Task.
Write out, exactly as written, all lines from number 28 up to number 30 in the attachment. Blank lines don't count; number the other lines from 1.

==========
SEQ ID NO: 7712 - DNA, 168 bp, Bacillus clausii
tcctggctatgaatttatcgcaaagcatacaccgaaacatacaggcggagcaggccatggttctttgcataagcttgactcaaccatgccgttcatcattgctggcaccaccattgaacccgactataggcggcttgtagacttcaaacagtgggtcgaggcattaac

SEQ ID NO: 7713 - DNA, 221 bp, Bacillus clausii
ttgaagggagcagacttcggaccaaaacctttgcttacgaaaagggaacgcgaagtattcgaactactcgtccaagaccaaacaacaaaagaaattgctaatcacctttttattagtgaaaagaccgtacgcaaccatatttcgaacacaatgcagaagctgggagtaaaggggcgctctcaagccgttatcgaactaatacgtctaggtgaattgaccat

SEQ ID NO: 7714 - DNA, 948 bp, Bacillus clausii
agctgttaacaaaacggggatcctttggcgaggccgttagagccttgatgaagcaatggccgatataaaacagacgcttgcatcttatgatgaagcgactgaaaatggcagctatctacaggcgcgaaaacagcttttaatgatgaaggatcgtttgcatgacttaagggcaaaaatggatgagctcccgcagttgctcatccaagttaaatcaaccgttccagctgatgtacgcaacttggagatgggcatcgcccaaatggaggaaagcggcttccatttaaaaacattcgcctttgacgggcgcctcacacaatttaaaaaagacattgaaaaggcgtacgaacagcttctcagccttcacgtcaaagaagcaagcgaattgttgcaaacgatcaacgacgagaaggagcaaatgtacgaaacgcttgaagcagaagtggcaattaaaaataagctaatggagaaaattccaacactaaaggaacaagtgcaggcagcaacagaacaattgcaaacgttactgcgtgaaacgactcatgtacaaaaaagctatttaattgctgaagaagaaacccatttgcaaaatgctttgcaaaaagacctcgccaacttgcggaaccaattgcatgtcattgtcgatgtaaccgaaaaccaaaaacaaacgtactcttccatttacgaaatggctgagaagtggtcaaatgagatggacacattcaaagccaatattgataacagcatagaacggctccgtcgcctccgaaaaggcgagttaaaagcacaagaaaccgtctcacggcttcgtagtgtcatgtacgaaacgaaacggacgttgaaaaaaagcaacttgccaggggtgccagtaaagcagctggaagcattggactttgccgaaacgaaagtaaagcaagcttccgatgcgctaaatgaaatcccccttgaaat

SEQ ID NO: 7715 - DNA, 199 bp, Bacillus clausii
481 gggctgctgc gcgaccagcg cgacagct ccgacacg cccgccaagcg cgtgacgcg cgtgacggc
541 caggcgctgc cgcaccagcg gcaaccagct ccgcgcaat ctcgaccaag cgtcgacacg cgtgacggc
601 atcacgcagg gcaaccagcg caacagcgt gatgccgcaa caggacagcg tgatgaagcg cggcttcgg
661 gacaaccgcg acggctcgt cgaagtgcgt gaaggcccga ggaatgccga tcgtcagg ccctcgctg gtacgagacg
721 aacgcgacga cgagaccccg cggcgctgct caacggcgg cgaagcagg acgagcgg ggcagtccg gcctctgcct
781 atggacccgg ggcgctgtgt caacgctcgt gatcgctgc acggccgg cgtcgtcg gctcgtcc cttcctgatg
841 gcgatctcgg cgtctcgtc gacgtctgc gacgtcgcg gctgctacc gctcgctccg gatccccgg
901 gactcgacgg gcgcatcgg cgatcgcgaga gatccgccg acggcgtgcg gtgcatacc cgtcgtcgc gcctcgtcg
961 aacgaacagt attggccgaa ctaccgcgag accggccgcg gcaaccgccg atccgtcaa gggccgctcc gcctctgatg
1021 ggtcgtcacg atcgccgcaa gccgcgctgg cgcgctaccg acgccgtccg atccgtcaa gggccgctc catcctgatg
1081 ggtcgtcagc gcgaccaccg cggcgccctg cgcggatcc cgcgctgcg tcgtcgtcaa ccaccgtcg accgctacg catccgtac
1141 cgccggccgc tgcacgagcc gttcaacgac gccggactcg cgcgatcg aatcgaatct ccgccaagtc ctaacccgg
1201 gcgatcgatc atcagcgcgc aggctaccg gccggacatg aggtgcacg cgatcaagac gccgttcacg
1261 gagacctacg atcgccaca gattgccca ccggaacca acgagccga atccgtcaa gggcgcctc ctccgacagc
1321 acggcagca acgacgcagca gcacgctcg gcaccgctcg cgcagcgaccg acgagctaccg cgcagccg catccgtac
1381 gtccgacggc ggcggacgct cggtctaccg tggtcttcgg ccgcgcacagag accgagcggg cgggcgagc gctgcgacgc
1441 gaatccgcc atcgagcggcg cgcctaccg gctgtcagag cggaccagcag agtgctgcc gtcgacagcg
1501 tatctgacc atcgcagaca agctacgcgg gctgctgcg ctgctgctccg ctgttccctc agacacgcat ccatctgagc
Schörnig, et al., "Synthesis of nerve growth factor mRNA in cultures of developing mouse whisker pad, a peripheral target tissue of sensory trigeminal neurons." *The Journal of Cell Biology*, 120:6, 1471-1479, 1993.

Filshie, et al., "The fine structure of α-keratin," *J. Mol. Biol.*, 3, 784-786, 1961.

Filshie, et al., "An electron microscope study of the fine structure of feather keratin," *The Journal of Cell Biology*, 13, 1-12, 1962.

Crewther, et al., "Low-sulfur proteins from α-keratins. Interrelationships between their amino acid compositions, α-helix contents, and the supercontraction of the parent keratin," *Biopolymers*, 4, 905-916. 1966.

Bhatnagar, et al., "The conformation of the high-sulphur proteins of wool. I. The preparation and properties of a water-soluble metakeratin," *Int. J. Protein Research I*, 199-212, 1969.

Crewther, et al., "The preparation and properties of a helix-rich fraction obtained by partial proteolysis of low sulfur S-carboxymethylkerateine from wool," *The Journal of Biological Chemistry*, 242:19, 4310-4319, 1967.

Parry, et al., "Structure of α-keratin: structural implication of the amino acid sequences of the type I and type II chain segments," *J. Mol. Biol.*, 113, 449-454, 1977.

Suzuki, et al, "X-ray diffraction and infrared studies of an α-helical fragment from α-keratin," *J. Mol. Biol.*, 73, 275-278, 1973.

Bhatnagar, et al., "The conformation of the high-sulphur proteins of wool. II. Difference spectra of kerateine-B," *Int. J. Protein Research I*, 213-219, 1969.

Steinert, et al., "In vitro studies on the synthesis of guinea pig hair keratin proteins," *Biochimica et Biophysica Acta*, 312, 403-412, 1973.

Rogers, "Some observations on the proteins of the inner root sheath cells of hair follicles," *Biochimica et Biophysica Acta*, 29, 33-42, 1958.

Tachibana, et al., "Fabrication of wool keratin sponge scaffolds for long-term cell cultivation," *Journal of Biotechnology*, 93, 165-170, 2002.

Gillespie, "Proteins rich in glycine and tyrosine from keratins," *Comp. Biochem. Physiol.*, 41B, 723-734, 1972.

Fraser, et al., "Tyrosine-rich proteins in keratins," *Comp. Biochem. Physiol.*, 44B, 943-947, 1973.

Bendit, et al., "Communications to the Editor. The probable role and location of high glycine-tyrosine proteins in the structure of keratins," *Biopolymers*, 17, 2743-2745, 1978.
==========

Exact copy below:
Filshie, et al., "An electron microscope study of the fine structure of feather keratin," *The Journal of Cell Biology*, 13, 1-12, 1962.

Crewther, et al., "Low-sulfur proteins from α-keratins. Interrelationships between their amino acid compositions, α-helix contents, and the supercontraction of the parent keratin," *Biopolymers*, 4, 905-916. 1966.

Bhatnagar, et al., "The conformation of the high-sulphur proteins of wool. I. The preparation and properties of a water-soluble metakeratin," *Int. J. Protein Research I*, 199-212, 1969.